Carlton Studios, Edinburgh
Carlton Studios was host to a comedy ‘Prelude’ on Wednesday evening, showcasing a medley of fine talents each airing their new material to an enthusiastic audience before letting loose at this year’s fringe festival. The first colourful act to be pulled from this evening’s bag of delights was ballsy and razor sharp Govan comedian Jay Lafferty. Jay is a promising talent and a breath of fresh air, bagging laughs like fine fruits ripe for the picking, all squishy and colourful. With an air of confidence, she smoothly relaxes her audience with some excellent, upbeat improv, firmly stamping her professionalism and wit smack on the front cover of her act. Festival cringes and saucy holiday novels splash through her set as she engages and interacts with her audience who quickly fall in unison to adore her. A true breath of fresh air.
The second comedian to take to the stage was Perrier award winner Wil Hodgson who quenches a satirical thirst with his observational gripes. Pubs, pies, pickles and paranoia are all given his critical dissection as he meanders through his hilarious ramblings. It may take some focused determination to keep up as he rick-shays unapologetically from hernias to real ale and smashes awkwardly into some imaginary voices. His bizarre edges and punky views giving a fascinating glimpse into a genuinely bizarre and interesting dude whom you could easily see yourself sharing a few pork scratchings and a pint down the pub, as he crunches effortlessly through a crisp bag of ideas.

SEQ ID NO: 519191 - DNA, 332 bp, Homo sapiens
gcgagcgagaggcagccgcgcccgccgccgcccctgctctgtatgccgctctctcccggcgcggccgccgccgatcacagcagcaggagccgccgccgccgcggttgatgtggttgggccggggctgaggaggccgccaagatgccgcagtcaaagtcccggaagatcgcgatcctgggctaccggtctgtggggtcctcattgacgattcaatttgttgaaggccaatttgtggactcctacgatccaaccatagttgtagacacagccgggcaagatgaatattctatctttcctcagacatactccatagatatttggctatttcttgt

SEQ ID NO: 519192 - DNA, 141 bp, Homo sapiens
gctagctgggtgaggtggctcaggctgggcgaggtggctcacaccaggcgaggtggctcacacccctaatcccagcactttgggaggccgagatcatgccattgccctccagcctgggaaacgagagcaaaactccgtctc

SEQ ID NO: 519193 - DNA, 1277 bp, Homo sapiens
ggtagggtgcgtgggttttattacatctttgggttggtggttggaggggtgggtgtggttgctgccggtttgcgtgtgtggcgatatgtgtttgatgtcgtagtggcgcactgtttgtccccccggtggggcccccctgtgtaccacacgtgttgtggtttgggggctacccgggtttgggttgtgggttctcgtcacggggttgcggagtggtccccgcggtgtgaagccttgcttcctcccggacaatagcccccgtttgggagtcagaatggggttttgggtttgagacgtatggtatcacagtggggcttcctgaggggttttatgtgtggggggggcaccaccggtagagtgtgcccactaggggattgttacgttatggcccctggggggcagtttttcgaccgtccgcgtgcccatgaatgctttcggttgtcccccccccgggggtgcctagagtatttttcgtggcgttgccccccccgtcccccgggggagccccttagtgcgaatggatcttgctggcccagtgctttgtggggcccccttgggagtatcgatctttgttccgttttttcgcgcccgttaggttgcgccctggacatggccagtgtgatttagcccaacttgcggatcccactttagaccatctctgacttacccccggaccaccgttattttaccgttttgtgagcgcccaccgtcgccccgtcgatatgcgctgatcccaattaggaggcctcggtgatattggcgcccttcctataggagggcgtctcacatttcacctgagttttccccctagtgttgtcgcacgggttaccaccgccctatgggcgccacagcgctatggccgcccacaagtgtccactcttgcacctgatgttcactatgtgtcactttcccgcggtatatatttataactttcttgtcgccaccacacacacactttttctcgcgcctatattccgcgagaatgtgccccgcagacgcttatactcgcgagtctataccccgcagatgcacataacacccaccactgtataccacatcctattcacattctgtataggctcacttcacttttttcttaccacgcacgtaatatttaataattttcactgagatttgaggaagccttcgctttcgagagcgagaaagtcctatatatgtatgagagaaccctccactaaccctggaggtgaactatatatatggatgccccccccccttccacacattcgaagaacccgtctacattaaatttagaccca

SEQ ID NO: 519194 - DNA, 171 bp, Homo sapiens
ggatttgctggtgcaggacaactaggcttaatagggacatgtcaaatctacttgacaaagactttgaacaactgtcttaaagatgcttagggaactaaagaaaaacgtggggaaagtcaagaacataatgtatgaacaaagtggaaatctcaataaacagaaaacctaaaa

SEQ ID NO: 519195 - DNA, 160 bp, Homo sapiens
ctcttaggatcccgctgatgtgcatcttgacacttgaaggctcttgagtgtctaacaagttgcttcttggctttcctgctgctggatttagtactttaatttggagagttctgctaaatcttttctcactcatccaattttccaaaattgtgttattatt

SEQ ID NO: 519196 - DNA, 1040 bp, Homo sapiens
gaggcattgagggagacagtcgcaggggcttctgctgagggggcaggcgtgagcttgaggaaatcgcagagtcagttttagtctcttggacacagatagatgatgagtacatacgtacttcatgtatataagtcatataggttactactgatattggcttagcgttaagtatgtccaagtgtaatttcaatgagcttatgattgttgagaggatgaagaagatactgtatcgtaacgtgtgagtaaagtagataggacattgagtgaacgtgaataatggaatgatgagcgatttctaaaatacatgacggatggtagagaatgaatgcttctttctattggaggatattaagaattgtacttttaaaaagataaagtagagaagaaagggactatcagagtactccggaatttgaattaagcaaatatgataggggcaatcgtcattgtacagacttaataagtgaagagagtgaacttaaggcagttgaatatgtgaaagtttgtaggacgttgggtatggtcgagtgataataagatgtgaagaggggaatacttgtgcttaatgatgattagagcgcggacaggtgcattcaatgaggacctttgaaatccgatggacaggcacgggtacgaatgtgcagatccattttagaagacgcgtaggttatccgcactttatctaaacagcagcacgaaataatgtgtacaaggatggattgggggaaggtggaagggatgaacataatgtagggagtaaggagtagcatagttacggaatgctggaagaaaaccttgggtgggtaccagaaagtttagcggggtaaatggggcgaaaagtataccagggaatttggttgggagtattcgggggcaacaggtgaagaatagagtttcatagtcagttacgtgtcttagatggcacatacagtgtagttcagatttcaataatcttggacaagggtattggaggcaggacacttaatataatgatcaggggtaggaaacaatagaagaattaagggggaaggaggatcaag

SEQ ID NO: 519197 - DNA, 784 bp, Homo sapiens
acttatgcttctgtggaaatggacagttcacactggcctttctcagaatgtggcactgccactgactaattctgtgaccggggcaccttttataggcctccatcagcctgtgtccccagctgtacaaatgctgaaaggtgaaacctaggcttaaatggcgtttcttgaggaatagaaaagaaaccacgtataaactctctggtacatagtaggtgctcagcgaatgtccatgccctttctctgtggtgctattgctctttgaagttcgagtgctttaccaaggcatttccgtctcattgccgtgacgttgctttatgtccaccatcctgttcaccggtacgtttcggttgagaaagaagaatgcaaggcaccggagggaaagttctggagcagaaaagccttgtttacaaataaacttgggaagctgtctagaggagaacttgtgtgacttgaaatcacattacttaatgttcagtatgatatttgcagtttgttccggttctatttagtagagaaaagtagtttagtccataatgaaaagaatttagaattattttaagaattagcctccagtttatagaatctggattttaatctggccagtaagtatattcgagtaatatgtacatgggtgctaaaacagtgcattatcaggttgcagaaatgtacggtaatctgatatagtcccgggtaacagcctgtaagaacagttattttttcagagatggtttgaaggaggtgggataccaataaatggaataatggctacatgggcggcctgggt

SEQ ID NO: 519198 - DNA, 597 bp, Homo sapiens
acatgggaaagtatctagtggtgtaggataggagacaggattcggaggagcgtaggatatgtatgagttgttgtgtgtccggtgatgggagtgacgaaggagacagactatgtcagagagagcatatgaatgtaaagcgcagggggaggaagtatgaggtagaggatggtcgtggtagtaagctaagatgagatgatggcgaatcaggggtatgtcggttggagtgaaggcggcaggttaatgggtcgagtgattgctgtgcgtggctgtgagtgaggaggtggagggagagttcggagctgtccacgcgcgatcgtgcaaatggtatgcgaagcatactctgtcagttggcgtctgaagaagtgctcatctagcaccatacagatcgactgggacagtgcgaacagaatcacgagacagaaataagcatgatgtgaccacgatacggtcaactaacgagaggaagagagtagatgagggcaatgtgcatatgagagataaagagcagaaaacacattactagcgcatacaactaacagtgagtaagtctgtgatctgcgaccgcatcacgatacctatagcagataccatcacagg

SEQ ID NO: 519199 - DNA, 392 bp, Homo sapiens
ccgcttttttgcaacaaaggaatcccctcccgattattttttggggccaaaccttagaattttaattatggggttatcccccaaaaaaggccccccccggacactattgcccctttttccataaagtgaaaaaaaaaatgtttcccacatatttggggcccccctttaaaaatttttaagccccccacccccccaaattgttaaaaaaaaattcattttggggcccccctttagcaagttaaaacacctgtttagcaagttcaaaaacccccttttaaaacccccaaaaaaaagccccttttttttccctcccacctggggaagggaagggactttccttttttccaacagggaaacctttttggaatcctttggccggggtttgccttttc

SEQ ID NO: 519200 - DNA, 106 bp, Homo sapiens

The penultimate act of the night is the ever-charismatic Bonnie Fairbrass, a 2006 ‘So You Think You’re Funny’ semi-finalist (banned for being needlessly crude and offensive) takes to the stage with boundless energy, fabulous bursts of charm and a massively infectious smile. Her confidence and perfect timing is impeccable as she delivers fast-paced, punchy lines and hilarious anecdotes. Dysfunctional families, relationships and baggage pepper throughout her set whilst charisma and wit roll from her tongue onto a spicy narrative platter. This is comedy at its best, served up with lashings of social insight, a smidgeon of philosophy and a wee dollop of politics thrown on top.
The final act, Jay Islaam, arrives in his turban with a burst of political satire and a rather unconvincing accent! Close to the bone and not for the faint hearted he fires off a tirade of cleverly controversial one-liners aimed at provoking the audience to think about racism in a new light. Humorous, intelligent one liners bring some poignant considerations to end his clever act.
Tonight’s four acts were hosted by a confident and entertaining compere Paul McDougall, who faultlessly worked the audience into a jubilant bubble of laughter and perfectly stitched these four unwritten acts together. Overall, a feast of eclectic humour and cracking narrative smashed this evening’s showcase of talent and these comedians will do Edinburgh’s Fringe Festival proud. Watch out for a second Prelude showcase in July, and all four of these acts performing over the festival in August.
Reviewer : Teri Welsh